But using the Get command in such a situation can still be useful. For example, suppose someone just updated the site's external style sheet. Pages you're editing use this style sheet, so you'd like to get the latest version. You don't want to edit the style sheet itself, so you don't need to check it out. By using Get instead of checking out the pages, you can keep a reference copy on your computer without locking it for anyone else and without having to check it back in later.

Put, on the other hand, simply transfers the file on your local site to the remote site. This is usually a bad idea when you're also using the Check In/Check Out feature. The remote site should be your reference copy; several rounds of revisions may have been made to a file since you last checked it out. Your local copy will be hopelessly out of date, and moving it the server using Put will destroy the most recent version of the file.

The name and email address Dreamweaver uses depends on the information your co-workers provided, just as you did when you configured your computer for remote site use (see Section 16.1.2).

The Check In/Out buttons transfer files between the local site and the Web server. A padlock identifies files you've checked into the remote site. If a file is currently checked out, a checkmark appears next to its name. A green checkmark indicates you've checked out the file; a red checkmark means someone else has checked it out.

16.3.2 Checking Files In

When you're ready to move a page you've edited back onto the server, you check it in. (You also check in new files you've created.)

To check in files, open the Files panel (press F8), choose the site you're checking into from the Site pop-up menu, and (using the Local Folder file list in the Files panel) select the files you wish to check in to the Web server. As always, you can click a folder to check it in, along with every file inside it.

The files you select should be files you've checked out, or brand-new files that have never been on the Web server. If you attempt to check in a file that someone else has checked out, Dreamweaver warns you with a message box. Click Cancel to stop the check-in procedure, so that you won't overwrite the checked-out file on the server. Dreamweaver also warns you if you try to check in a file that's older than the server copy. Again, unless you're sure this is what you want to do, click Cancel.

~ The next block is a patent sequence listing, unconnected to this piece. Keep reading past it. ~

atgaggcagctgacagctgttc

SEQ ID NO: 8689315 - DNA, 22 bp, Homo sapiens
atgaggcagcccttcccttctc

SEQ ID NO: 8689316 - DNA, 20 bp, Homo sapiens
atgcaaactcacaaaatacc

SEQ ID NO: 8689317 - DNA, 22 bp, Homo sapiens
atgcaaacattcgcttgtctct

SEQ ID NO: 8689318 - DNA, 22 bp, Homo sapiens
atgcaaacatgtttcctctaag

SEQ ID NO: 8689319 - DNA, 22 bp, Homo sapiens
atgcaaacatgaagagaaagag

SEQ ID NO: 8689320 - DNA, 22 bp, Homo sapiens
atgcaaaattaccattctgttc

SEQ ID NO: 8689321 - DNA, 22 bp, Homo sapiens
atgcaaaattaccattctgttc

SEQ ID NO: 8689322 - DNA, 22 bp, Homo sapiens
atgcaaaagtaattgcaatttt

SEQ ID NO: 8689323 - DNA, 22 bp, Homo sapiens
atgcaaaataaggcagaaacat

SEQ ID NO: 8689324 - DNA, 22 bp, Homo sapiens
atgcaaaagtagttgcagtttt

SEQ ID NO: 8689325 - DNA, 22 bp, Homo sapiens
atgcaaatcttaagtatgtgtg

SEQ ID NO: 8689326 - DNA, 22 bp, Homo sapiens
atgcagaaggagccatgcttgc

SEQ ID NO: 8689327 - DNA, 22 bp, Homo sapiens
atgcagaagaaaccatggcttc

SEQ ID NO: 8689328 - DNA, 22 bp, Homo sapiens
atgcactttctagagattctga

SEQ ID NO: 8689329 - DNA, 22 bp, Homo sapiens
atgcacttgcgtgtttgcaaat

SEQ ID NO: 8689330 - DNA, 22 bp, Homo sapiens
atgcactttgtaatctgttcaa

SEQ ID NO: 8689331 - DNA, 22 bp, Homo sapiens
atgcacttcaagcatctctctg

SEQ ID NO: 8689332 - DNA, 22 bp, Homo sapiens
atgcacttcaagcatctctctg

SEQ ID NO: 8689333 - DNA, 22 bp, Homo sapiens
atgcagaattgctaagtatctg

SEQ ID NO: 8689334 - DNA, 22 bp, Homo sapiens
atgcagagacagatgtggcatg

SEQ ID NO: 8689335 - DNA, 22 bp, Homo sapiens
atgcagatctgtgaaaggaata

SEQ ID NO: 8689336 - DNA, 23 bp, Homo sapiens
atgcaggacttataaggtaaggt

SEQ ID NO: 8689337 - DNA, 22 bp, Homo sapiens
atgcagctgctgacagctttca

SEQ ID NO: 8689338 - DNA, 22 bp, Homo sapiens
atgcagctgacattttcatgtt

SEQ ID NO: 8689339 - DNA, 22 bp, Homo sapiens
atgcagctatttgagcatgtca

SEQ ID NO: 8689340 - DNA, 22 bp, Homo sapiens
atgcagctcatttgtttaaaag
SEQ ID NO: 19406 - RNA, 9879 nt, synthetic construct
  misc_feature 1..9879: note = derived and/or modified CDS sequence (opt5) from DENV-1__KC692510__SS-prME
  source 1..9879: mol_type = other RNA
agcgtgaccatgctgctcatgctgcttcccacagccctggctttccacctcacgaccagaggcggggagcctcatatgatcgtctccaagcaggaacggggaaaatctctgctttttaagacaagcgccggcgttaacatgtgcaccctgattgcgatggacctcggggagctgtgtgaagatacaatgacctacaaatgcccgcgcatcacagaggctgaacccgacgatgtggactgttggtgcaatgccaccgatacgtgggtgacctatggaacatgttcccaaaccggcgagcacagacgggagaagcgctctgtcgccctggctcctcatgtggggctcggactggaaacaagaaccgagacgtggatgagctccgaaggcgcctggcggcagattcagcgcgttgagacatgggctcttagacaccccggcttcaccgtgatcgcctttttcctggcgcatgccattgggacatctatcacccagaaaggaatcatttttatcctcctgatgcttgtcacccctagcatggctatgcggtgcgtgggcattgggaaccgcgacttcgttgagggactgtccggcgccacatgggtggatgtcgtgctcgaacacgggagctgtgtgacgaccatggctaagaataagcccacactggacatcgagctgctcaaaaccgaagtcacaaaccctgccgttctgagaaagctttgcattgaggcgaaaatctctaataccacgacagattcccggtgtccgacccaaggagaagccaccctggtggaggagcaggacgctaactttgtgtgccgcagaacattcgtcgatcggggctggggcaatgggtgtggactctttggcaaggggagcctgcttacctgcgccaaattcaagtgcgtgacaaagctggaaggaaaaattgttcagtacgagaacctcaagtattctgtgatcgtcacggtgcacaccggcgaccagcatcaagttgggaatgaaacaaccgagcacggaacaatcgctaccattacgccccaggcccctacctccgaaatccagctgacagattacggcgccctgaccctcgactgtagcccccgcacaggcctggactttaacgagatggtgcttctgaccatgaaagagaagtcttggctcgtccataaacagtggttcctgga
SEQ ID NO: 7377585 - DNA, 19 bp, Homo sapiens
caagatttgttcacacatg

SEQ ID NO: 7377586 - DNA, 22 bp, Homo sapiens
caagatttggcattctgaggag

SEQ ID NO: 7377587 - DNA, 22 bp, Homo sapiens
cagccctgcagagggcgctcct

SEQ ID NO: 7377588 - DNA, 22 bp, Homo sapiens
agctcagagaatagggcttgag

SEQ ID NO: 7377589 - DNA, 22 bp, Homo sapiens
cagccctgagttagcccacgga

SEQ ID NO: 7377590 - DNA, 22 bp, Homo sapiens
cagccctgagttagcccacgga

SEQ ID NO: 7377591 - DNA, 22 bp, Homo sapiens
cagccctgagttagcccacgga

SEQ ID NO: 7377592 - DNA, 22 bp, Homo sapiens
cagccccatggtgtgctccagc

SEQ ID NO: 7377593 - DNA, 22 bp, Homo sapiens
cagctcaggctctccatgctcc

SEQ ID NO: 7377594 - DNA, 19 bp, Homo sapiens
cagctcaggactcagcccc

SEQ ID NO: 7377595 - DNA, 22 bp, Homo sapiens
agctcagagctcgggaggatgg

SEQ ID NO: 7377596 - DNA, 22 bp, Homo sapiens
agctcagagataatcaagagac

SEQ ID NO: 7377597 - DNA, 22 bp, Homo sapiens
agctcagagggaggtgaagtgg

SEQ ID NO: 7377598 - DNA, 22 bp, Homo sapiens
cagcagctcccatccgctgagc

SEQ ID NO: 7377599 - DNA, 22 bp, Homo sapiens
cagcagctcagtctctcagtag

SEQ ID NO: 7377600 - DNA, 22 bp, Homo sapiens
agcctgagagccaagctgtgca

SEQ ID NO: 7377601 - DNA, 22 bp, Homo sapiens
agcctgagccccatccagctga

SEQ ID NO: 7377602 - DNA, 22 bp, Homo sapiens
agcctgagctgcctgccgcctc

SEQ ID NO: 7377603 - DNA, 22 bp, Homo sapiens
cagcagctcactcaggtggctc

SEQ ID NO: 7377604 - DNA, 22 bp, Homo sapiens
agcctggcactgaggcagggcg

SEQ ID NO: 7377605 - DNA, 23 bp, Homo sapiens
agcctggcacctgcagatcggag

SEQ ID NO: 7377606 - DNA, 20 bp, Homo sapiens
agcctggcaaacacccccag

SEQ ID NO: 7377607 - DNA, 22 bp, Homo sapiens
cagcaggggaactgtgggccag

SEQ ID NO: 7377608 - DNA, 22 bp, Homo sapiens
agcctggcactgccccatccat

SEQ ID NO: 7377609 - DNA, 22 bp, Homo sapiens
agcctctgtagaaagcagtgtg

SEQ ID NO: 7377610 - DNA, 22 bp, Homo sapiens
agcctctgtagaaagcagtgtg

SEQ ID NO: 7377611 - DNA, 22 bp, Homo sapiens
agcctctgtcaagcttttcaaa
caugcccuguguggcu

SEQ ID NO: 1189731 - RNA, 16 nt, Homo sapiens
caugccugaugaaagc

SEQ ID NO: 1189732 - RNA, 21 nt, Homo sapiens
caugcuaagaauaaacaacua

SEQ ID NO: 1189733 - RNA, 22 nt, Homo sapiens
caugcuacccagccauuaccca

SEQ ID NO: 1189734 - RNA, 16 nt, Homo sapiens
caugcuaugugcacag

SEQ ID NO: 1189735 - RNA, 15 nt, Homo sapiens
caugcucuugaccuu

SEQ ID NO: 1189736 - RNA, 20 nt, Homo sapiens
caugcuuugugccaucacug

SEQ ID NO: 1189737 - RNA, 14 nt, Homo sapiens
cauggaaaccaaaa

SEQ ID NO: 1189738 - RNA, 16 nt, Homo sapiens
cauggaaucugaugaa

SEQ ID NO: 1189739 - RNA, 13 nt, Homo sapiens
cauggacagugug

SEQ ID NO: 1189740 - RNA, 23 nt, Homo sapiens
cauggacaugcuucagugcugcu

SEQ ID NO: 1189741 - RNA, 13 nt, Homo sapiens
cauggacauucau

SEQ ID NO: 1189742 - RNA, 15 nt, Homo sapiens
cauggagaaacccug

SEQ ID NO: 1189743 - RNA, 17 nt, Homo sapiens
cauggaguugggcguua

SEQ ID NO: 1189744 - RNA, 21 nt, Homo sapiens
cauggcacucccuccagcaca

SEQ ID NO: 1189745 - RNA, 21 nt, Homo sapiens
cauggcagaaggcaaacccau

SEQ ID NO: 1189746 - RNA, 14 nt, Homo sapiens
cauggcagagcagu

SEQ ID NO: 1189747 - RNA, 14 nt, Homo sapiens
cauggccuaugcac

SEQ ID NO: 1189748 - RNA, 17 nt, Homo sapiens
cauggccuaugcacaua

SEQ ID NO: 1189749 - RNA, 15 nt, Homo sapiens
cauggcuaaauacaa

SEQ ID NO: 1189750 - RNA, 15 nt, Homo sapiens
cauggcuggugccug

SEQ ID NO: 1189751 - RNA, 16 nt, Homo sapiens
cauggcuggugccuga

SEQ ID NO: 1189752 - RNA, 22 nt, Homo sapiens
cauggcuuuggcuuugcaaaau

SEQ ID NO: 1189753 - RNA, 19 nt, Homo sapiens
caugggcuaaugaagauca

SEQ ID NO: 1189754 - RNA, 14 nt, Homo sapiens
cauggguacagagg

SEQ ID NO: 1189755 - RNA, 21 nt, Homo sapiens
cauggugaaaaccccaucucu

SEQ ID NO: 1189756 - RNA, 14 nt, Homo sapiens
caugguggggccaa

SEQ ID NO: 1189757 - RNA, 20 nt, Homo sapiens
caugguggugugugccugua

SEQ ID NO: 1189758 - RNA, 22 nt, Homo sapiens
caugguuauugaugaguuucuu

If you want to check the page you're currently working on into the remote site, use the toolbar in the document window (see Figure 16-9).

You can check in the selected files in any of the usual ways:

  • Click the Check In files button (see Figure 16-11).

  • Use the keyboard shortcut Ctrl+Alt+Shift+U (Shift-Option-figs/command.jpg-U). (See Section 20.1 to learn how to change the Dreamweaver shortcut to something less cumbersome.)


The SiteCheck In menu option checks in only the document you're currently working on, not any files you've selected in the Files panel.

Dreamweaver asks if you wish to also check in any dependent files (see Figure 16- 8). You should transfer dependent files only if you first checked them out, or if the dependent files are new and have never been uploaded to the server. If you attempt to check in a dependent file that someone else has checked out, Dreamweaver warns you with a message box.

After you've clicked through all message boxes, Dreamweaver copies the files to the Remote site. Once you've checked in a file, a padlock icon appears next to its name in the Files panel (see Figure 16-11); checking in locks the file so that you don't accidentally change the local copy. If you wish to modify the file in some way, check it out again (see Section 16.3.1).

16.3.3 Generating a Report on Checked-Out Files

As described in Chapter 15, Dreamweaver can generate a series of reports on the files in your site. One of those reports lets you see which files a specific person has checked out. In this way, for instance, you can identify all the files you've checked out, or all the files that have been checked out by your co-worker Bob (who has since left the company).

To generate a report, follow the steps described in Section 15.6. Turn on the Checked Out By option when specifying the type of report to run. Then click Report Settings. In the dialog box that appears, type the person's name as it appears in the Checked Out By column (Figure 16-11). (To find all checked-out files, leave the box blank.) Click OK, and then click Run to generate the report.

Unfortunately, a couple of issues undermine the usefulness of the "Checked Out By" report. First, if you're connected to the Remote server using FTP, you'll wait a while; Dreamweaver needs to download a lot of information, which, even on a small site, can take several minutes.


If you find the report is taking too long, you can stop it in its tracks by clicking the Stop button (the red stop sign icon) in the Site Reports panel (see Figure 16-12).

Running a report to see who has checked out which file is a great idea. Unfortunately, this feature may not produce very useful results.

Second, the report you finally get isn't very useful (see Figure 16-12). The operations you're most likely to perform on checked-out files梒hecking them back in, undoing their checkout status, or contacting the person who checked them梤equire you to switch to the Files panel. Because there's no link between the report and the Files panel, you can't, for example, make Dreamweaver highlight the reported files in the Files panel.